Upon awakening from the dream

Upon awakening from the dream - Upon awakening from the...

Info iconThis preview shows page 1. Sign up to view the full content.

View Full Document Right Arrow Icon
This is the end of the preview. Sign up to access the rest of the document.

Unformatted text preview: Upon awakening from the dream, Raskolnikov renounces that "accursed dream of mine" and wonders in horror: "Is it possible that I really shall take an axe and strike her on the head, smash open her skull. . . God, is it possible?" He then ". . .renounces this accursed fantasy of mine" because he will never summon up enough resolution to do it. However, as he walks through the Hay Market, he overhears a conversation between tradespeople and Lizaveta Ivanovna, the half sister to the old pawnbroker, that on the next night "at seven o'clock in the evening the old woman would be at home alone." All through these early scenes Raskolnikov is somewhat feverish. Throughout the crime, he is not himself, and his irrational acts can be accredited to his illness. Ultimately, criminal theories suggest that the criminal is often sick when the crime is committed, and this theory will be used to alleviate...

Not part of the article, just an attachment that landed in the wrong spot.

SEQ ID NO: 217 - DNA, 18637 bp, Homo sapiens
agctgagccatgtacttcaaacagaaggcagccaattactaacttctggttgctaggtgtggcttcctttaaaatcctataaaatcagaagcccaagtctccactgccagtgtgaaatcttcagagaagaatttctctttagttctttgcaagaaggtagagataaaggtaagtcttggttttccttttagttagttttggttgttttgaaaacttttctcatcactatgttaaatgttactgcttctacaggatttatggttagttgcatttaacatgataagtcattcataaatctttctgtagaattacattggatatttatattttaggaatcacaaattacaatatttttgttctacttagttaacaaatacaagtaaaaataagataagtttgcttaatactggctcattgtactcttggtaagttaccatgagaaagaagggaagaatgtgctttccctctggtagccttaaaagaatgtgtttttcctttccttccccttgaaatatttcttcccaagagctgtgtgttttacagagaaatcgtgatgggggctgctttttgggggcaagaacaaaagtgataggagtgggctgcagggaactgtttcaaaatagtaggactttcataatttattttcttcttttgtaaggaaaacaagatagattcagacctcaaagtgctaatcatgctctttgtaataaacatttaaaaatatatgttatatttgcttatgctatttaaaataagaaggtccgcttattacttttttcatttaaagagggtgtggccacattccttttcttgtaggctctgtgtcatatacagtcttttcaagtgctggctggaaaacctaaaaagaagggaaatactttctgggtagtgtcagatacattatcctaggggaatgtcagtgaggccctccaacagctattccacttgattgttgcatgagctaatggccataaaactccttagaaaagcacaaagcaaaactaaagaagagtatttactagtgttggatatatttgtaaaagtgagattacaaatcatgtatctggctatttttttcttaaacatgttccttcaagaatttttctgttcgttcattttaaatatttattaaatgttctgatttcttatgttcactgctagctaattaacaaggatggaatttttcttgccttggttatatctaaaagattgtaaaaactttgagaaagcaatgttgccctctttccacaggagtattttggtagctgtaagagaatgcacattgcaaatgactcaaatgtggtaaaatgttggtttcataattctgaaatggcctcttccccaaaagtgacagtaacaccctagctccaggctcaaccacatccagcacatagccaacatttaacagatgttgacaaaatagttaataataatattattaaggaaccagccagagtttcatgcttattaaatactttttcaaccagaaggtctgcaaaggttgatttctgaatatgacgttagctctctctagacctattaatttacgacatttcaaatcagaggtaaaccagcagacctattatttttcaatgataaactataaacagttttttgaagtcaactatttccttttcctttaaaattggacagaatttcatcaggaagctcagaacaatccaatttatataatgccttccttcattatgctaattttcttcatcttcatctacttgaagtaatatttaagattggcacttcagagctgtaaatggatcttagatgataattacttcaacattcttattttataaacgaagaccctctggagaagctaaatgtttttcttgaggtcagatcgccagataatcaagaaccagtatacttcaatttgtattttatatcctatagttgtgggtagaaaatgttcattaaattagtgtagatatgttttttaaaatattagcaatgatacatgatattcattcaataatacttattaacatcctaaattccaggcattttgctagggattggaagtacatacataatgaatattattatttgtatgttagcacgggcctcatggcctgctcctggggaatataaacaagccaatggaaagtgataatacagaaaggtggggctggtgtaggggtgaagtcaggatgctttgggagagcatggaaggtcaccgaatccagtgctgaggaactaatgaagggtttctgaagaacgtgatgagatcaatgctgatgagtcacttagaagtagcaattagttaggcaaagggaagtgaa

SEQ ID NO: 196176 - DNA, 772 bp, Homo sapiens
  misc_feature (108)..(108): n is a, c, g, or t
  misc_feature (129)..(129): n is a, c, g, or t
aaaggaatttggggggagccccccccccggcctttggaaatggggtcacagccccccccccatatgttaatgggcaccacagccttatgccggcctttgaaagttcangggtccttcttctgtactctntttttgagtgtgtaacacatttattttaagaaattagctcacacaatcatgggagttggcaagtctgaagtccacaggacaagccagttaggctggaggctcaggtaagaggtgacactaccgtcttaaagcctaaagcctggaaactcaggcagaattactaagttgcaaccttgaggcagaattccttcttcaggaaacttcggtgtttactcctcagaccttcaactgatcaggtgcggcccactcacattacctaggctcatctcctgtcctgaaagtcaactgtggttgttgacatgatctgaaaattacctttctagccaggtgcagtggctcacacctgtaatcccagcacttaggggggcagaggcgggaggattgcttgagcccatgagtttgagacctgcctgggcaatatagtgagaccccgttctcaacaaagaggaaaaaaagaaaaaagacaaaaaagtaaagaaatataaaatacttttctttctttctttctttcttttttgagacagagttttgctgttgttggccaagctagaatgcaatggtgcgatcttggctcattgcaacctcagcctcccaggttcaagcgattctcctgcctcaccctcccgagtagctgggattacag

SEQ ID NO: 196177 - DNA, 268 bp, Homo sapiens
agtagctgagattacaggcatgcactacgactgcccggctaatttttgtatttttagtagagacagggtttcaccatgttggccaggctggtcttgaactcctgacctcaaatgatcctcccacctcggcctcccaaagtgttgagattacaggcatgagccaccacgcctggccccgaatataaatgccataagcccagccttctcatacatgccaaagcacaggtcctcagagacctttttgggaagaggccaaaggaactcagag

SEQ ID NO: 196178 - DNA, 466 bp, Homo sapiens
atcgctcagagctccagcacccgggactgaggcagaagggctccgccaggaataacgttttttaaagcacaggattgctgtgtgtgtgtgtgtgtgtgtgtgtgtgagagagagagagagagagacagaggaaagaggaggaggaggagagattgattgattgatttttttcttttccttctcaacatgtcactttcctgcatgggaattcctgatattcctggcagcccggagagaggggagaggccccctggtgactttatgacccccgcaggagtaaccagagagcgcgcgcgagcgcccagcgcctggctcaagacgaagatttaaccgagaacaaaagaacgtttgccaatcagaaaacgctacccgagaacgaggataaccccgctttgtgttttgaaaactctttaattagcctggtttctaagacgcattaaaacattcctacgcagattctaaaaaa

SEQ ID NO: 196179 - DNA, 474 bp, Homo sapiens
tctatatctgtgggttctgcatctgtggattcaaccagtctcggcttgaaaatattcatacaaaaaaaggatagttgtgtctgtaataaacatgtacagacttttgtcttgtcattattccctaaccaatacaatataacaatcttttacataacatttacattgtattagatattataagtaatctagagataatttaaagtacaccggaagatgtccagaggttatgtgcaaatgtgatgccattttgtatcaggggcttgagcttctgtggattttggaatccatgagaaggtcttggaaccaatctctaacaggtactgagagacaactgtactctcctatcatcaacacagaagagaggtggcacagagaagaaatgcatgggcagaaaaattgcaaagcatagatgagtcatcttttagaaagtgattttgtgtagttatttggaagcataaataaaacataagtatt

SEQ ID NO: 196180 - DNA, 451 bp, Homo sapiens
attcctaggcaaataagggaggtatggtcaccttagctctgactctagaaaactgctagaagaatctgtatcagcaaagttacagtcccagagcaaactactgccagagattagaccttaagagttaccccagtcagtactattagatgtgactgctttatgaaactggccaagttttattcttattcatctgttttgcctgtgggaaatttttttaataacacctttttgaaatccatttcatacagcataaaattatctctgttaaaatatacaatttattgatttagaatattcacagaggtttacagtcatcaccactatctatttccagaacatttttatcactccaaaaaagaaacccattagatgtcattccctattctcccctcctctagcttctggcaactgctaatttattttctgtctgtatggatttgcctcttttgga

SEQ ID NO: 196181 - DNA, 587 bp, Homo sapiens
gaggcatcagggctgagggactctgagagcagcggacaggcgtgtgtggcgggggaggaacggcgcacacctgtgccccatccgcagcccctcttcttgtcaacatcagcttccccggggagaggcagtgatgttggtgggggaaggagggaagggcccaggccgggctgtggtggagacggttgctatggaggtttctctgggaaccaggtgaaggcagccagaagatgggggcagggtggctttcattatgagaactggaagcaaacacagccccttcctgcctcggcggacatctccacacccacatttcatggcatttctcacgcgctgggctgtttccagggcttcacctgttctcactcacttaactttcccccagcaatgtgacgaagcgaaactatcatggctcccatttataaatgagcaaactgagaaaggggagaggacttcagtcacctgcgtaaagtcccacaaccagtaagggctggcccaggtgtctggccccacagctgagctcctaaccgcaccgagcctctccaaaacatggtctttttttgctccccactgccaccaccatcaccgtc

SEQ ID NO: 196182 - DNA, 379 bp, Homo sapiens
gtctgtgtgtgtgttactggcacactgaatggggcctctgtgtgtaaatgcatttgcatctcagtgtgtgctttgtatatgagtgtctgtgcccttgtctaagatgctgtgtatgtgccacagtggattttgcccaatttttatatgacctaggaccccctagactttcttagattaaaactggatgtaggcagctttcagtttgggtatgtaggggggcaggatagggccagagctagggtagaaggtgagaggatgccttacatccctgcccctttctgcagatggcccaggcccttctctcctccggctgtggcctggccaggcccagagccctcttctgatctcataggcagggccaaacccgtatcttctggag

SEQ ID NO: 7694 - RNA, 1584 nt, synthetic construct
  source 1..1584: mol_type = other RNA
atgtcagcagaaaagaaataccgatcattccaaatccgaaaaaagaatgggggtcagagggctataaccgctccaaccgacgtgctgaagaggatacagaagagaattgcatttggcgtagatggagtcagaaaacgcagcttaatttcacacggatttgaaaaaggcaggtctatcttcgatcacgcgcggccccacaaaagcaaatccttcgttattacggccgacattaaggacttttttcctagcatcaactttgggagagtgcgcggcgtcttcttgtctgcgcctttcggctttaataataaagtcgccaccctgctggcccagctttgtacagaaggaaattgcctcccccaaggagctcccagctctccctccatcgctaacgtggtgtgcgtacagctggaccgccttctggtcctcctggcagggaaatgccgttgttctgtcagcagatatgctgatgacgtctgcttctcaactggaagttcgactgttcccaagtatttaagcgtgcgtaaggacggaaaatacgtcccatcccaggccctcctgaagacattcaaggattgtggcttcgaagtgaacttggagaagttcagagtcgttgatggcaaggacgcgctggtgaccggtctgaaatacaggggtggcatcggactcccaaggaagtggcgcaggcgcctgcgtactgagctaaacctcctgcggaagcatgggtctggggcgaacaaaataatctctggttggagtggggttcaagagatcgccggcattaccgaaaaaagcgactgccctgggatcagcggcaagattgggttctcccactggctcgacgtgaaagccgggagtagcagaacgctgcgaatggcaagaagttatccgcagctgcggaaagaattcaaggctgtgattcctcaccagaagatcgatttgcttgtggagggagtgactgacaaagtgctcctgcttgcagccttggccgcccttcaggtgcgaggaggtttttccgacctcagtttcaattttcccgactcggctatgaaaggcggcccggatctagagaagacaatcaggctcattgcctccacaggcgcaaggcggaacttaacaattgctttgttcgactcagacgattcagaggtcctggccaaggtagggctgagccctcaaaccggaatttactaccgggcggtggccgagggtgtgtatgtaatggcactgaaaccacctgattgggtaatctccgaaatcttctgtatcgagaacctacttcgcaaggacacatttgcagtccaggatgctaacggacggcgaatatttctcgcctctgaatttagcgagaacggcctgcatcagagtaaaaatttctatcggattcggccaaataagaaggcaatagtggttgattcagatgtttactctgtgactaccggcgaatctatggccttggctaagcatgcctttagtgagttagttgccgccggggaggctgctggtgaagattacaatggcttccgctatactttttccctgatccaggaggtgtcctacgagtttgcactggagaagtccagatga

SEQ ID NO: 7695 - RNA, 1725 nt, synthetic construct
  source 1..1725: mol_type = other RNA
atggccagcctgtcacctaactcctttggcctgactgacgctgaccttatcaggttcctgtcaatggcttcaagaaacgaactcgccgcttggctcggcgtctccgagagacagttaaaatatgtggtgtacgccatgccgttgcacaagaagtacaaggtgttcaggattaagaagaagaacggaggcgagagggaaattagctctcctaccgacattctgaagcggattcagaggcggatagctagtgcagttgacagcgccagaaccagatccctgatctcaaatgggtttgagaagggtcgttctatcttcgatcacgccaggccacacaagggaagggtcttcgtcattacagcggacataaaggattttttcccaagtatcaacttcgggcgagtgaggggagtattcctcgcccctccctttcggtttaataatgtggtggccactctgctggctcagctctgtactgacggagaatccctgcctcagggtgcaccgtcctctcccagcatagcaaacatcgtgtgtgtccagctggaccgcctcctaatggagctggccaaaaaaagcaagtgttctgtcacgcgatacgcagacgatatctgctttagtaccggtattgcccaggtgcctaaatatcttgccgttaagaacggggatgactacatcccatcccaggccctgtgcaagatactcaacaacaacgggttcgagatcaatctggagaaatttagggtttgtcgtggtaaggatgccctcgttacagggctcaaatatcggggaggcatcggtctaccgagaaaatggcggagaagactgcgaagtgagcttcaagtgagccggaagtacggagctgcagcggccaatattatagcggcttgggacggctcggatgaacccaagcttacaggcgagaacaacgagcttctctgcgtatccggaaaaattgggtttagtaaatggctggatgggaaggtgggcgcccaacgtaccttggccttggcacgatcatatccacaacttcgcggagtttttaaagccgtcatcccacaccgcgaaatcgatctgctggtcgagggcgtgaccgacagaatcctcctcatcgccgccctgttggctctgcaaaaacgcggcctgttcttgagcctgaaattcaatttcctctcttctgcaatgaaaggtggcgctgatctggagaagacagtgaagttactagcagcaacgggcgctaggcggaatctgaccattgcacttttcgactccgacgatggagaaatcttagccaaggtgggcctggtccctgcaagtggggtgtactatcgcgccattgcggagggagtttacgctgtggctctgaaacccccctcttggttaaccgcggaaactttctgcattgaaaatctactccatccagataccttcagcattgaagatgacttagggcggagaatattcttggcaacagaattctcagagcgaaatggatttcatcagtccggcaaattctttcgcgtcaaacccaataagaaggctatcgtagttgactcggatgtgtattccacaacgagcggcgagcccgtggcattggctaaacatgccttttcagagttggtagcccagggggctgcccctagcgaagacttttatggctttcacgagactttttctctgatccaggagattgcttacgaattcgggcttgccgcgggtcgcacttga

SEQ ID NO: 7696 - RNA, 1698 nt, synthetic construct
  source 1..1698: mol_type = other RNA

View Full Document

This note was uploaded on 12/07/2011 for the course ENG 3309 taught by Professor Staff during the Fall '10 term at Texas State.

Ask a homework question - tutors are online